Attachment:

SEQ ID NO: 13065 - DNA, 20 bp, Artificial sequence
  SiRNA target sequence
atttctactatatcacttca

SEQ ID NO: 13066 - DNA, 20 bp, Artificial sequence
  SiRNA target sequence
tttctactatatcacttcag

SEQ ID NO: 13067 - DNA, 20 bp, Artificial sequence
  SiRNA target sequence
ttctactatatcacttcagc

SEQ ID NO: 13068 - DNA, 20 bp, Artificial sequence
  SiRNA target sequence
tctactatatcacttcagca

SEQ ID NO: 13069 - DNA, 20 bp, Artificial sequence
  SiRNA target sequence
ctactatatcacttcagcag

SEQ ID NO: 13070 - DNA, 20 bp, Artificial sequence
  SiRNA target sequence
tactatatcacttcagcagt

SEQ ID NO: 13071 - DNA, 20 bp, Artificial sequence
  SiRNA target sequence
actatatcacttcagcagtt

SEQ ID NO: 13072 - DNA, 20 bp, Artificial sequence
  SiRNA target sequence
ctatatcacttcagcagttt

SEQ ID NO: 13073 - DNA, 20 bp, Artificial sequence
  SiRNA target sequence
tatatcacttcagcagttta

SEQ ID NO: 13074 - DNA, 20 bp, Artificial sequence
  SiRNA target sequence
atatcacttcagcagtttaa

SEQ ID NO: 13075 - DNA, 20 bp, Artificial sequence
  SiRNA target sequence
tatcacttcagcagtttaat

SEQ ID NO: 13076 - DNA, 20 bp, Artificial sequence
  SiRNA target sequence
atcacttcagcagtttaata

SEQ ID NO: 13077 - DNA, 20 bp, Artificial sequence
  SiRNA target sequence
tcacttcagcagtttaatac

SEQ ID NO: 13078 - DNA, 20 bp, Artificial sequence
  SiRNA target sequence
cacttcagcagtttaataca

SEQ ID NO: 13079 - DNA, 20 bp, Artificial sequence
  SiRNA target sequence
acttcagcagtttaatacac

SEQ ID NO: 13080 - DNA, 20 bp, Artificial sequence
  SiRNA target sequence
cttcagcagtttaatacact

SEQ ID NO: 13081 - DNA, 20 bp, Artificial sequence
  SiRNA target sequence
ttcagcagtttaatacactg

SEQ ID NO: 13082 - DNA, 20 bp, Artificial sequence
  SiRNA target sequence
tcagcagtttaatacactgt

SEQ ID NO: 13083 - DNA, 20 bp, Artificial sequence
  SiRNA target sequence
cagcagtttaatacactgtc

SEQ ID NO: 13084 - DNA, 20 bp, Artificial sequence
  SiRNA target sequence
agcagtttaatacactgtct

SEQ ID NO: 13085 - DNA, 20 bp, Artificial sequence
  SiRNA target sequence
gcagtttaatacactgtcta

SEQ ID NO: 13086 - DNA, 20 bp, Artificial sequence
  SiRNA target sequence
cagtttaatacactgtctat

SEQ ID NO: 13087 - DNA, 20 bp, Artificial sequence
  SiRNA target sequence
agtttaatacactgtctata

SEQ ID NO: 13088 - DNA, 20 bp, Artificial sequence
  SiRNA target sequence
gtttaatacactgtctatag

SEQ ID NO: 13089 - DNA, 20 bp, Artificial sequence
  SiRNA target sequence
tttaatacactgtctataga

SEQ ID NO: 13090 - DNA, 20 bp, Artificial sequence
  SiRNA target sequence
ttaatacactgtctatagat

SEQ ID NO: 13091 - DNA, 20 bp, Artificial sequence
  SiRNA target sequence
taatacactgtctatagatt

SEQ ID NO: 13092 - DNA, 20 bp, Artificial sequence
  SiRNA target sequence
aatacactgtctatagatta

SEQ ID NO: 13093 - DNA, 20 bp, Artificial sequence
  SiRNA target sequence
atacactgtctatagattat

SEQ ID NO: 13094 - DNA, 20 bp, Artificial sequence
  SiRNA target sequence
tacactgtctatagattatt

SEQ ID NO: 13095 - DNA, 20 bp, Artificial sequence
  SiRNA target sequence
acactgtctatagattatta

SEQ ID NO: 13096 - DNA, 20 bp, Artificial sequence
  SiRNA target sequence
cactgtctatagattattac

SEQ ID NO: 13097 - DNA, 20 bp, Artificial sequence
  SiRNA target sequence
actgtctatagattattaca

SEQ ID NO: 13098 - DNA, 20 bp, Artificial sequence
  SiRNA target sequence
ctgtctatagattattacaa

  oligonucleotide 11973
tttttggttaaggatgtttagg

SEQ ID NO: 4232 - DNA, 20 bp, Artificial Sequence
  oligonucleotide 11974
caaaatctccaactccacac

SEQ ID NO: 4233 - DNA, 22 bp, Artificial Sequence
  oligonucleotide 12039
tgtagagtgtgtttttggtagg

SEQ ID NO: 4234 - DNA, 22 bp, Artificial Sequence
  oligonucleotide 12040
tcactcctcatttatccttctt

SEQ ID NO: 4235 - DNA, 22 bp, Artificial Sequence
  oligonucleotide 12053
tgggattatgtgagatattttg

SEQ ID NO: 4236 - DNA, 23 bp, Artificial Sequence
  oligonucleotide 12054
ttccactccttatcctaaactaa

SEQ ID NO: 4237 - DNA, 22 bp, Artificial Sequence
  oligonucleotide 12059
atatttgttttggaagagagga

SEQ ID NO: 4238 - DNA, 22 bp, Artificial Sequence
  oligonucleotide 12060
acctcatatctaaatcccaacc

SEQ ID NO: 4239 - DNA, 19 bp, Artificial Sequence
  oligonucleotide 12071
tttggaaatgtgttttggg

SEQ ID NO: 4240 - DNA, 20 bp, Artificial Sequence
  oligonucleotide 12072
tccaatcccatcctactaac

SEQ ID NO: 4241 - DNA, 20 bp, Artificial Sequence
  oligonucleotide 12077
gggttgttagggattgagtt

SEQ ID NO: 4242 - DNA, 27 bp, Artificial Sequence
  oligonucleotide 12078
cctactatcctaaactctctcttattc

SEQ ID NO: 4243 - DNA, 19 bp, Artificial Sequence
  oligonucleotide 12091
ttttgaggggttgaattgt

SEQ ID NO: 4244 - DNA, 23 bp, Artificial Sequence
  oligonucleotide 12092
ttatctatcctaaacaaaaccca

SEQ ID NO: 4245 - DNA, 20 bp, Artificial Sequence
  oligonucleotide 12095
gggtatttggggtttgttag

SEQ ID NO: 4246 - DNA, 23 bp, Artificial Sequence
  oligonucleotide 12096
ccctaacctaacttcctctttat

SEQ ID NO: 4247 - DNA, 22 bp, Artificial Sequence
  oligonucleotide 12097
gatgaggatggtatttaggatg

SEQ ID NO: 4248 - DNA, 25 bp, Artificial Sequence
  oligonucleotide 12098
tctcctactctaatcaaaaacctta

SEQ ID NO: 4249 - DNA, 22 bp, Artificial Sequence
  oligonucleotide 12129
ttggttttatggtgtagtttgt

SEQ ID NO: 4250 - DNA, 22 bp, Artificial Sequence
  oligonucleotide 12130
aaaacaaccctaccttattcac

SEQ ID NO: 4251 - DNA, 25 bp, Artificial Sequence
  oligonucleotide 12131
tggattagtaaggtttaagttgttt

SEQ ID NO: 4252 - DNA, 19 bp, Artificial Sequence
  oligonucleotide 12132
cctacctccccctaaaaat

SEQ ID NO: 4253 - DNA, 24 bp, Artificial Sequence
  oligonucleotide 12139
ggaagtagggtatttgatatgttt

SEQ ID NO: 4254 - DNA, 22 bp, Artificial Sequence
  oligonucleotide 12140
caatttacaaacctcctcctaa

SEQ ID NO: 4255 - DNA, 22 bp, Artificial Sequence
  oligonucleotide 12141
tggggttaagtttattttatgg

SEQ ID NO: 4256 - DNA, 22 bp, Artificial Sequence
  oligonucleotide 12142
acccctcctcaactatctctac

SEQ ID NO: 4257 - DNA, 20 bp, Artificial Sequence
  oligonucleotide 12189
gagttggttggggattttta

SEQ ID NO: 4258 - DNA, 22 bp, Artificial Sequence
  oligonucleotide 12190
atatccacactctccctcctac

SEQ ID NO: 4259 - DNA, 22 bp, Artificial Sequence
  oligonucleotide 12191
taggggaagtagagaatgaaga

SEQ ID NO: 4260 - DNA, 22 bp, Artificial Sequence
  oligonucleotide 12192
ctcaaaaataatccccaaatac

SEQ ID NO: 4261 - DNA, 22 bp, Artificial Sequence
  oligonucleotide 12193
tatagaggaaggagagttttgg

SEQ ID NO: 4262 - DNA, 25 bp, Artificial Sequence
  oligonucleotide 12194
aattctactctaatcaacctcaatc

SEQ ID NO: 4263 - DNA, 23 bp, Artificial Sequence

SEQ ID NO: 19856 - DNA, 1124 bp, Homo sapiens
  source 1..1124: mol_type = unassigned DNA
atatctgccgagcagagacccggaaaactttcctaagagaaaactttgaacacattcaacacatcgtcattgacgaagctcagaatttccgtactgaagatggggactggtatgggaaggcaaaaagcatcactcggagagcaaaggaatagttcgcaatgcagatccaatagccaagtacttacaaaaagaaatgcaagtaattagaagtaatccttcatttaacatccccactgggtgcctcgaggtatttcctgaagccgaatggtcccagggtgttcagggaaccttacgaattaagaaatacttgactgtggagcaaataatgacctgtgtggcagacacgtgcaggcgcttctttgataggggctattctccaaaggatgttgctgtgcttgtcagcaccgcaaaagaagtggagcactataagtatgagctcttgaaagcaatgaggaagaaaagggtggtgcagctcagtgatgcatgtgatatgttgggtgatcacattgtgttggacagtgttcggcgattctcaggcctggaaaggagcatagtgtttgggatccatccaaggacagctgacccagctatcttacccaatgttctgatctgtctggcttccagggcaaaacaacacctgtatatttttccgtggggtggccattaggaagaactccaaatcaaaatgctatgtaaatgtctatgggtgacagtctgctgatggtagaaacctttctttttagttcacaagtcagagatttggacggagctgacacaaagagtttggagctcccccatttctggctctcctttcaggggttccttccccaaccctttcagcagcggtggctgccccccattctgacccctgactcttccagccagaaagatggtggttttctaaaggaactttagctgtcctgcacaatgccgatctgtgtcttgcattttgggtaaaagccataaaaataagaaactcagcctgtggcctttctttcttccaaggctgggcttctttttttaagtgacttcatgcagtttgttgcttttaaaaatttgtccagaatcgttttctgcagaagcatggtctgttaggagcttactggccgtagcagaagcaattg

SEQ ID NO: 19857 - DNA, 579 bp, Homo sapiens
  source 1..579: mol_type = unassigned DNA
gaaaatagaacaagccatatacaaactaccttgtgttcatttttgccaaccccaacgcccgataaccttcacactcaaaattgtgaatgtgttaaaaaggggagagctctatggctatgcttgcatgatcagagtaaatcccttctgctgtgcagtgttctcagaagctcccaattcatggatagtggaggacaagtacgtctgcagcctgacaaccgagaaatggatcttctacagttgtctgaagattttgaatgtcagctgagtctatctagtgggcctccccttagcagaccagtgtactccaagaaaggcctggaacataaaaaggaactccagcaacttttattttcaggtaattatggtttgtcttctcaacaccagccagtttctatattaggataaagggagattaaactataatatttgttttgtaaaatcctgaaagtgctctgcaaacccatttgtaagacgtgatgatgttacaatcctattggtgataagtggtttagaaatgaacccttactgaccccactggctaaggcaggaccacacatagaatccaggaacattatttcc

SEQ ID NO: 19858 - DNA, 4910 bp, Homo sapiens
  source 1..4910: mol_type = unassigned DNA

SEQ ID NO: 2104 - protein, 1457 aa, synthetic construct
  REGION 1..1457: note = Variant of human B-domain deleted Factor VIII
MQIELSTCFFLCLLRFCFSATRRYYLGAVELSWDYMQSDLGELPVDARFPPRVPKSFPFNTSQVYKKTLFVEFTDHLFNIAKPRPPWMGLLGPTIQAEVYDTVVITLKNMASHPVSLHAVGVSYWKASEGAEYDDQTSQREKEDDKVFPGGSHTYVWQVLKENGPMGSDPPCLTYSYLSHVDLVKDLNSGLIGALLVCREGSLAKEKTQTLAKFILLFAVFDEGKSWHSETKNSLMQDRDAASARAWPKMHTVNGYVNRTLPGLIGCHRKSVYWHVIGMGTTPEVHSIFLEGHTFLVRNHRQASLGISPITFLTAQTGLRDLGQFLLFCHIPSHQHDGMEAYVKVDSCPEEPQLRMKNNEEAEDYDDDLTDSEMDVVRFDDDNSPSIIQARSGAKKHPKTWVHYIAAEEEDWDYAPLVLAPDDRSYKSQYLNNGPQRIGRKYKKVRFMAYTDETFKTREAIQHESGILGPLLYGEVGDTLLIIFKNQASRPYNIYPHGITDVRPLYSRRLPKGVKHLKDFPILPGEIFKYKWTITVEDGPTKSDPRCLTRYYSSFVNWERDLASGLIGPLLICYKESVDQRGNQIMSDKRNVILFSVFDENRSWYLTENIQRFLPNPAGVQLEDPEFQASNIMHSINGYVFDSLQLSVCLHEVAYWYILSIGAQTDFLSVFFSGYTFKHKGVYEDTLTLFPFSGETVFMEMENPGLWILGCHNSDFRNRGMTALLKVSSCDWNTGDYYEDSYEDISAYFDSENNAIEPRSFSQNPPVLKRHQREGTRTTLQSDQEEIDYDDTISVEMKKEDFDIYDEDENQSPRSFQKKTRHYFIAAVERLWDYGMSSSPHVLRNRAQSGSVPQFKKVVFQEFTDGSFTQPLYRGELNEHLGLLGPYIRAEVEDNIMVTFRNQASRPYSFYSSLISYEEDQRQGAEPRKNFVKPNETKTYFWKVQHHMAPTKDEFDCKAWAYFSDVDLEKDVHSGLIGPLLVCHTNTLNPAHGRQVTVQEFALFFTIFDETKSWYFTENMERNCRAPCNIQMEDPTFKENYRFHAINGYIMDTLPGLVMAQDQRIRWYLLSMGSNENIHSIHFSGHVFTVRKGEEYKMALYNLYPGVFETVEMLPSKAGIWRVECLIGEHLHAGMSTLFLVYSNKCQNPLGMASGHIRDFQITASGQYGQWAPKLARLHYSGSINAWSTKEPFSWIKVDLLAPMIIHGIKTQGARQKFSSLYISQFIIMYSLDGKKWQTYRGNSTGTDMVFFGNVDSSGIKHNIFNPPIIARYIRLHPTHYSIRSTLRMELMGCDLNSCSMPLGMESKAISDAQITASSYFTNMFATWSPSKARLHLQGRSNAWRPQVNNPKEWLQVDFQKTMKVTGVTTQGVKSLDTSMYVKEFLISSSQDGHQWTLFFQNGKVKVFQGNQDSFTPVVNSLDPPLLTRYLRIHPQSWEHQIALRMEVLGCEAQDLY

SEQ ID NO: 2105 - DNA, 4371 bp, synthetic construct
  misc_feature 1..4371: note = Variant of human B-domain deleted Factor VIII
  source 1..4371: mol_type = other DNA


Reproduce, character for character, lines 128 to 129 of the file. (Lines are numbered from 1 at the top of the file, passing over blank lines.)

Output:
tttggaaatgtgttttggg

SEQ ID NO: 4240 - DNA, 20 bp, Artificial Sequence